China’s central government on Tuesday night imposed a sweeping national security law that critics say has stripped the city of its autonomy and precious civil and social freedoms, and cements Beijing’s authoritarian rule over the territory.
Hundreds turned out on Wednesday — the 23rd anniversary of the handover of Hong Kong from British rule to China — to protest the legislation in the busy shopping district of Causeway Bay,
They were met with a heavy security presence and at least 300 people were arrested.
Hong Kong Police announced in a tweet that nine of those arrested, five men and four women, were held on suspicion of violating the national security law.
The remaining arrests were linked to “unlawful assembly, a disorder in public places, furious driving, and possession of an offensive weapon.”
Prime Minister Boris Johnson said Wednesday that his government will honor its promise to British National Overseas (BNO) passport holders, who could otherwise face imprisonment for acts such as protesting or campaigning under the new law.
The law dramatically broadens the powers of local and mainland authorities to investigate, prosecute and punish dissenters. In vague language, it criminalizes secession, subversion, terrorism, and collusion with foreign powers. People convicted of such crimes can face sentences of up to life in prison.
Several political and activist groups in the city formally disbanded on Monday in advance of the law being introduced. Shopkeepers tore down posters that supported anti-government protests, and many citizens hastily deleted social media posts and accounts.
Speaking during Prime Minister’s Questions in parliament, Johnson said: “The enactment and imposition of this national security law constitutes a clear and serious breach of the Sino-British joint declaration.
“It violates Hong Kong’s high degree of autonomy and is in direct conflict with Hong Kong basic law.
“The law also threatens the freedoms and rights protected by the joint declaration.
“We made clear that if China continued down this path we would introduce a new route for those with British National Overseas status to enter the UK, granting them limited leave to remain with the ability to live and work in the UK and thereafter to apply for British citizenship — and that is precisely what we will do now.”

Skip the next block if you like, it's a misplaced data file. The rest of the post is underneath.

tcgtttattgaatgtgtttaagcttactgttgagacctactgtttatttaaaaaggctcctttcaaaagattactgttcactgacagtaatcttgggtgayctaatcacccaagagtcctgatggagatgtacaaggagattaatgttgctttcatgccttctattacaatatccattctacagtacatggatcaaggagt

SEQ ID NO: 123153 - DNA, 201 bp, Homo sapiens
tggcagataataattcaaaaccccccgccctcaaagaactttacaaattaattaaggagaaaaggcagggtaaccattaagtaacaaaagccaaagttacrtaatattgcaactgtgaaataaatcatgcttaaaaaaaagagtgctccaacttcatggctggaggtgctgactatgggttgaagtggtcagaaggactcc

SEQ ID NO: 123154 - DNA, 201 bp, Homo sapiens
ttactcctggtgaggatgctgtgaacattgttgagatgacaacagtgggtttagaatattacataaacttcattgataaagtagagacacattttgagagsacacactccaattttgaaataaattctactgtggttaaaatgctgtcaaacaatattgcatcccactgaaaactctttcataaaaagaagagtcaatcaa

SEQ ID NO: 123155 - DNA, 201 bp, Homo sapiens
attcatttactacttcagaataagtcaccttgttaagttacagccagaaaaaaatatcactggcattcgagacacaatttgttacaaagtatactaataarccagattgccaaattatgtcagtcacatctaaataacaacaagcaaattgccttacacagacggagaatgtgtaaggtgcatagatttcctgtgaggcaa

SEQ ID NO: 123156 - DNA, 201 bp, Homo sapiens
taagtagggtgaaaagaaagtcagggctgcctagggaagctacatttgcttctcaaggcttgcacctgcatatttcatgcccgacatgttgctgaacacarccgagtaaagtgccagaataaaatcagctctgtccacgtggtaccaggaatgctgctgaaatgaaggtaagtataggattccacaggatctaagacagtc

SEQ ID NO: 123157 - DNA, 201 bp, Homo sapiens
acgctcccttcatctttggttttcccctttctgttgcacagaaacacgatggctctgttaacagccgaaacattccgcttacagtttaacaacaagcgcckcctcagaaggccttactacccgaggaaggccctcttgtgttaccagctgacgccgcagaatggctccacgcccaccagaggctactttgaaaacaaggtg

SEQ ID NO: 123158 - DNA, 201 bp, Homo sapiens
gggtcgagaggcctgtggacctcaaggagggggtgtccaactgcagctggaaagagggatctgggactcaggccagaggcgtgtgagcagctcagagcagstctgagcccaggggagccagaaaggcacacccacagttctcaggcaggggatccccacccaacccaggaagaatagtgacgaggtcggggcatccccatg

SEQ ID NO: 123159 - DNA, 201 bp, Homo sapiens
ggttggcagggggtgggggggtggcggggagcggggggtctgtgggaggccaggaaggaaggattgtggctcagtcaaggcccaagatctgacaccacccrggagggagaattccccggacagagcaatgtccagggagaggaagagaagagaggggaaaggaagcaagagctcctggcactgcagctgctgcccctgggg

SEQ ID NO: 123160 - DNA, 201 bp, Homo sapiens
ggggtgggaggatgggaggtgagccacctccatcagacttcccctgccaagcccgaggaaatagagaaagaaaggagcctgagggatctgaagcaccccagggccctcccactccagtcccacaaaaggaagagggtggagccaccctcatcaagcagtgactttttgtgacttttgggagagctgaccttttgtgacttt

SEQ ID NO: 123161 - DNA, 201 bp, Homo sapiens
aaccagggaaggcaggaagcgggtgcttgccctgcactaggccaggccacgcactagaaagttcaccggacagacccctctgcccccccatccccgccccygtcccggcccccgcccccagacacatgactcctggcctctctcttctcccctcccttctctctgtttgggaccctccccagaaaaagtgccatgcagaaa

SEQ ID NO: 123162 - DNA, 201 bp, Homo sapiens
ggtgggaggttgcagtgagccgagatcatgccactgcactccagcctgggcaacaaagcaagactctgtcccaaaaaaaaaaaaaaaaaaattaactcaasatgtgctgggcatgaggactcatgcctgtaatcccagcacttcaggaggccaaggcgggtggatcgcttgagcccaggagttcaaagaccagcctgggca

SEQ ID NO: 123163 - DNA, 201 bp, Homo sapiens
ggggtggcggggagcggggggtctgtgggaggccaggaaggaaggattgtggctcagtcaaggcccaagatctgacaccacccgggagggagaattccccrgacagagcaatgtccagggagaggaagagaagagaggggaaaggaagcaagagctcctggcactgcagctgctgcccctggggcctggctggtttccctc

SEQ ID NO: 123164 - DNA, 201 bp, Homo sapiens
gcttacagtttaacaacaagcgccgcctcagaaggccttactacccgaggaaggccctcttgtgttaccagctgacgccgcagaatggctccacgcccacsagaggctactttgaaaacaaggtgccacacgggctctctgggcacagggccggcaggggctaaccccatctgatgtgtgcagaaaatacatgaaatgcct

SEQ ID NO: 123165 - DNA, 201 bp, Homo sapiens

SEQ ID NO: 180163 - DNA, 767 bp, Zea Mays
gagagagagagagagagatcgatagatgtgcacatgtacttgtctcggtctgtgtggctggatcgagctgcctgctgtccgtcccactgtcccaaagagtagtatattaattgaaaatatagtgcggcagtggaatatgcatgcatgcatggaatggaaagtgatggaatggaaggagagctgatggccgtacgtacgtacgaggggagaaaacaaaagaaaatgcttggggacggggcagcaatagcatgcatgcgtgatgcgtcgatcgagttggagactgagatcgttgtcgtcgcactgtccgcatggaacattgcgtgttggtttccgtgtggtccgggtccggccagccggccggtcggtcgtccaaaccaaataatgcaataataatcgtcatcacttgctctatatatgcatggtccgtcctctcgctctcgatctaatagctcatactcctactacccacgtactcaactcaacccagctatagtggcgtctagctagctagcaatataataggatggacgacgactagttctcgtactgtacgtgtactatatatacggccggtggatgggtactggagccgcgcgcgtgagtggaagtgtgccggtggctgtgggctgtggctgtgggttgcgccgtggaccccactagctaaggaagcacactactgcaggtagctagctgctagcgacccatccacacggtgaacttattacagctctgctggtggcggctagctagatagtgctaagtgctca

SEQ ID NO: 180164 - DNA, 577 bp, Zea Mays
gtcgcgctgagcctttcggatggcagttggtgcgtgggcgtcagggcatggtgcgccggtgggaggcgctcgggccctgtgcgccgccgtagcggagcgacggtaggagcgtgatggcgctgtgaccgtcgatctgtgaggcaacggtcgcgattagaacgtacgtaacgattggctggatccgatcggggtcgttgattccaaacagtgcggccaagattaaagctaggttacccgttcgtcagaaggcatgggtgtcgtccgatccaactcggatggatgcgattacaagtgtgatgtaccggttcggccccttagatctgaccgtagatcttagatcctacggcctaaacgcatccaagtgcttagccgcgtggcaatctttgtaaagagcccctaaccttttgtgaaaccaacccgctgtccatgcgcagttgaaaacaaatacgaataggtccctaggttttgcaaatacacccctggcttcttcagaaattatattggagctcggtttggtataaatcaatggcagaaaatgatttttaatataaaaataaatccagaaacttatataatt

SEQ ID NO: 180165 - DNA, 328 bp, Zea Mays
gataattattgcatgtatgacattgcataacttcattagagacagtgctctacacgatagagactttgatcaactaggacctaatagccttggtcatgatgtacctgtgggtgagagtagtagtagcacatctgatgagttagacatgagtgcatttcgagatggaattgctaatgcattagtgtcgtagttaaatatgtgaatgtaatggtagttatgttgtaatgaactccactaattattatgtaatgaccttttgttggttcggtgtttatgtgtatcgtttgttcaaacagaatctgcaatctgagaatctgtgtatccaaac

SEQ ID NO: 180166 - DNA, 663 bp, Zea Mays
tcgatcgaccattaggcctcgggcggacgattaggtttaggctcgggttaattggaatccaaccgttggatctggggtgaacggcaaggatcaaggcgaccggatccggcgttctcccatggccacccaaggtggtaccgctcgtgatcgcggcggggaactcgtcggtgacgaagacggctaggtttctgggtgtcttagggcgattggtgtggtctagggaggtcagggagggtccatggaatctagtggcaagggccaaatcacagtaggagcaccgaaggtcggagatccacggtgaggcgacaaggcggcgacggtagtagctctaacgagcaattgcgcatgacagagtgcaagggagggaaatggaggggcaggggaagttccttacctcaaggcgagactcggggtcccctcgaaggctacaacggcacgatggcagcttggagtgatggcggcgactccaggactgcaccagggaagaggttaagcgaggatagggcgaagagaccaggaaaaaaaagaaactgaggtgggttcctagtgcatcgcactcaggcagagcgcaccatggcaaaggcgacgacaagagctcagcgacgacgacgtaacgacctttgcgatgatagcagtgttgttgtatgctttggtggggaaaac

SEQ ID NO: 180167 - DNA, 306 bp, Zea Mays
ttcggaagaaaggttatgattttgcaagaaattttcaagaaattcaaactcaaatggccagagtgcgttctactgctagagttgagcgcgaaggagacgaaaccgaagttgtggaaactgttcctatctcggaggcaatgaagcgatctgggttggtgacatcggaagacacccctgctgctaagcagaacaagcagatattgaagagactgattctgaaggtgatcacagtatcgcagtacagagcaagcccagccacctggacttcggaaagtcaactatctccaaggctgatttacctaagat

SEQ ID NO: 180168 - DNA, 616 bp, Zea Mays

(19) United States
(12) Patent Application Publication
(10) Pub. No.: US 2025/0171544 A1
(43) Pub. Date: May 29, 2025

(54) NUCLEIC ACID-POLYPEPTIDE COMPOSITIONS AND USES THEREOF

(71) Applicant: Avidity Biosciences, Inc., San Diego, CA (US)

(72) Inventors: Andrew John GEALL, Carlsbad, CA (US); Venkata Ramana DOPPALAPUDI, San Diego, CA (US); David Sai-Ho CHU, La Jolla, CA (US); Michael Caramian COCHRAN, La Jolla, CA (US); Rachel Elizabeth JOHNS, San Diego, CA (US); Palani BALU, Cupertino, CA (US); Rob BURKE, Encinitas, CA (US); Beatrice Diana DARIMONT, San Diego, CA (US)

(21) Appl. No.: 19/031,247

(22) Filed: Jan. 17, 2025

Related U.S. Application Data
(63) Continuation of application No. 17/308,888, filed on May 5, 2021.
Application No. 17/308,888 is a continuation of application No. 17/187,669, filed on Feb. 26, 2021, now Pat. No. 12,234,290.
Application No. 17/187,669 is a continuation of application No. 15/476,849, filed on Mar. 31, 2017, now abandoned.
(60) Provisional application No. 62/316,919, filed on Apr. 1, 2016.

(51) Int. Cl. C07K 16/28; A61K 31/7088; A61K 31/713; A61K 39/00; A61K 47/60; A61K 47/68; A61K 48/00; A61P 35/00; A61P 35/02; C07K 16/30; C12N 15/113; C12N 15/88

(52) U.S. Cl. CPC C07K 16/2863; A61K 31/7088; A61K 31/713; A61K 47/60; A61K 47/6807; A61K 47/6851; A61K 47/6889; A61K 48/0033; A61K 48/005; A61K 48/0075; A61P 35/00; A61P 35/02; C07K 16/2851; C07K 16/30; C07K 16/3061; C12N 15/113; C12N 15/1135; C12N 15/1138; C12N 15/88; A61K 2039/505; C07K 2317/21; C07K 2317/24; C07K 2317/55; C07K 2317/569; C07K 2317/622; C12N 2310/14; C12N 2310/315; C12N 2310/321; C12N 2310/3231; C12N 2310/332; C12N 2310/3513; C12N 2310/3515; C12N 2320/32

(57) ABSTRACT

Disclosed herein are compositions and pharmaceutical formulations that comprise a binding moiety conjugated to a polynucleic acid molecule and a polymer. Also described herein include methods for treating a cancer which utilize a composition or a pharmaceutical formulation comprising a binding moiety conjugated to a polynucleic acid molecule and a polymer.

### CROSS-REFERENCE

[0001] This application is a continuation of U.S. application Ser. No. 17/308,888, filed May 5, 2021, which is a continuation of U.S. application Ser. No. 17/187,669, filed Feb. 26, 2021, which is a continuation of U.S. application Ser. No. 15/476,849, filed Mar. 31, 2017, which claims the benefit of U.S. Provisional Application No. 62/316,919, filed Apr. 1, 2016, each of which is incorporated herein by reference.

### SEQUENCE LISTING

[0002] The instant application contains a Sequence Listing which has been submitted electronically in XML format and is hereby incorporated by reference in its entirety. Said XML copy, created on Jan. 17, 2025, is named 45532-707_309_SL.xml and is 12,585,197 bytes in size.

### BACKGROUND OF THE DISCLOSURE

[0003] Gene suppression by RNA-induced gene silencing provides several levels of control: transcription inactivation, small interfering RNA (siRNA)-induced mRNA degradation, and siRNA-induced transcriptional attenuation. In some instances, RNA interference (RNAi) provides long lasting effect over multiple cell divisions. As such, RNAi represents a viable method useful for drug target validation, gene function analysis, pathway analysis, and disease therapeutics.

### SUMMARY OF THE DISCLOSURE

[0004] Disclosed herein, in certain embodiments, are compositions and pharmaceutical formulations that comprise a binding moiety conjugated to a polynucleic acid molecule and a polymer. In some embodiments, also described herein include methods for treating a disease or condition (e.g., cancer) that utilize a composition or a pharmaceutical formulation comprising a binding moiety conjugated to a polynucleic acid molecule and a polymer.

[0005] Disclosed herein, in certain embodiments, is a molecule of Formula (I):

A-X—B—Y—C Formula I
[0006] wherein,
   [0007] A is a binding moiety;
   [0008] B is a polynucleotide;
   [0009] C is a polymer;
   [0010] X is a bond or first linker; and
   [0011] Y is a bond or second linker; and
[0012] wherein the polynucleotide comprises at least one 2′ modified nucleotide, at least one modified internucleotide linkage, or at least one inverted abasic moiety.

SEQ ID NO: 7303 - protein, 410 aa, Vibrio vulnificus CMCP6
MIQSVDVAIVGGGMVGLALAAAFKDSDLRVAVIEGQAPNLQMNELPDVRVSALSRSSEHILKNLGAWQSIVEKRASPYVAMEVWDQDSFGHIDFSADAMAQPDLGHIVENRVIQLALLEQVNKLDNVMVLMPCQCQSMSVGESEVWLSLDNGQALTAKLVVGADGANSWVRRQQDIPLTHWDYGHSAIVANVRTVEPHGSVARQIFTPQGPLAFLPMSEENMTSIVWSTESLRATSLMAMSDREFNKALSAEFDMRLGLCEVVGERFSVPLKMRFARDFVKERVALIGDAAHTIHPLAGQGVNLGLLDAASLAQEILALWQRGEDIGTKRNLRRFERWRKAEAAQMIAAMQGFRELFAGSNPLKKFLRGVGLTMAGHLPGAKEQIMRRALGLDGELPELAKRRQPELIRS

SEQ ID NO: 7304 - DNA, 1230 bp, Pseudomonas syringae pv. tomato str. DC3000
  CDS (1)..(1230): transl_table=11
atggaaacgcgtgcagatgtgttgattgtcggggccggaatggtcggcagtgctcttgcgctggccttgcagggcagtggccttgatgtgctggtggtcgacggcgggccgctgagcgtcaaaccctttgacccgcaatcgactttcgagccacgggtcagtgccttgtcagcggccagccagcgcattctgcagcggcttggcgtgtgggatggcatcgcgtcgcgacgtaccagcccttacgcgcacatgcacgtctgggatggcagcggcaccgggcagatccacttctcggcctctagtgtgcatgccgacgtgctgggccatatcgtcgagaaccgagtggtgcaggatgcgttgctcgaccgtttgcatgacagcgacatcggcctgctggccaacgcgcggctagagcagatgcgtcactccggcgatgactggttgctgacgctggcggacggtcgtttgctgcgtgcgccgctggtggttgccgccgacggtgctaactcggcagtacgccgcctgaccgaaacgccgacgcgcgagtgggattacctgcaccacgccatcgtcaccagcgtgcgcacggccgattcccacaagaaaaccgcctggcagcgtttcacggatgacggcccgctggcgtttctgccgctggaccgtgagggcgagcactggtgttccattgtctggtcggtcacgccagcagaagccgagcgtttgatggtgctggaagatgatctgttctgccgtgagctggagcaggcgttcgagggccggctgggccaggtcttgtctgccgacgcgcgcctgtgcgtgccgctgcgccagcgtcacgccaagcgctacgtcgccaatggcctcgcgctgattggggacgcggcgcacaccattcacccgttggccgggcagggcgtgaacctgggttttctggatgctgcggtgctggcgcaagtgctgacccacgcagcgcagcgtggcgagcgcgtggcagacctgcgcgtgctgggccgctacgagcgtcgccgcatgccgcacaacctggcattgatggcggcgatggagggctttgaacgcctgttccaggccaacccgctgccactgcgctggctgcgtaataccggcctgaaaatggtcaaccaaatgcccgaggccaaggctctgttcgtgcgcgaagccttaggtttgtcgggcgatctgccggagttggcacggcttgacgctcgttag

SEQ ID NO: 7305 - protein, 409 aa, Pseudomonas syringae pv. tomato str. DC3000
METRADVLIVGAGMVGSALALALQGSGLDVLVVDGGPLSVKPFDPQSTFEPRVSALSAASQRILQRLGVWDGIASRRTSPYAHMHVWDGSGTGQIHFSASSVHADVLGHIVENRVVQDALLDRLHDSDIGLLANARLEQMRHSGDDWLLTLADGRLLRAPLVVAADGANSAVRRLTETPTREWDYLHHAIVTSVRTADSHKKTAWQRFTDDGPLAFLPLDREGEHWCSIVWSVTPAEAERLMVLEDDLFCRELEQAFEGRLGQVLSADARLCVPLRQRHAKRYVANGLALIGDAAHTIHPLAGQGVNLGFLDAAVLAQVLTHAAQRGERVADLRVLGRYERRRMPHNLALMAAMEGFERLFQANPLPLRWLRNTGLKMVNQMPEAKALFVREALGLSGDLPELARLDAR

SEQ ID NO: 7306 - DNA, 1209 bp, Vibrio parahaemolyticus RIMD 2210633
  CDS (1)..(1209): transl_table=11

The UK’s Foreign Office said in a news release that “this new bespoke immigration route” would mean eligible Hong Kong residents could move to the UK without the current six month limit, and would have five years limited leave to remain, with the ability to live and work in the UK.
It said the new route will be implemented in the coming months, with the exact date and further details to be announced in due course. “In the meantime, we will ensure British National (Overseas) citizens who wish to come to the UK will be able to do so, subject to standard immigration checks,” it added.
Announcing preliminary details to the House of Commons on Wednesday, Raab said that BNO passport holders and their dependents in Hong Kong who wish to come to Britain will be given five years’ limited leave to remain, with the right to work or study.
After these five years, they will be able to apply for settled status, and after a further 12 months with settled status they will be able to apply for citizenship, the Foreign Secretary said.
Raab said the new national security law was “a grave and deeply disturbing step.”
He said it was “depressing but necessary” to report that it was “a clear and serious breach of the joint declaration,” calling the arrival of the legislation “a sad day for the people of Hong Kong.”
As of February 24, 2020, there were 349,881 holders of BNO passports and the UK government estimates there are around 2.9 million BNOs currently in Hong Kong.
The European Union has reiterated its “grave concerns” about Beijing’s national security law for Hong Kong, saying it is “essential that the existing rights and freedoms of Hong Kong residents are fully protected.”
A European Council statement on Wednesday said: “The European Union is concerned that the law risks seriously undermining the high degree of autonomy of Hong Kong, and having a detrimental effect on the independence of the judiciary and the rule of law.
“The European Union is assessing the implications of such a law and will continue to raise its concerns in its dialogue with China,” it added.
CNN’s Helen Regan and Joshua Berlinger, and journalist Anna Kam, contributed reporting.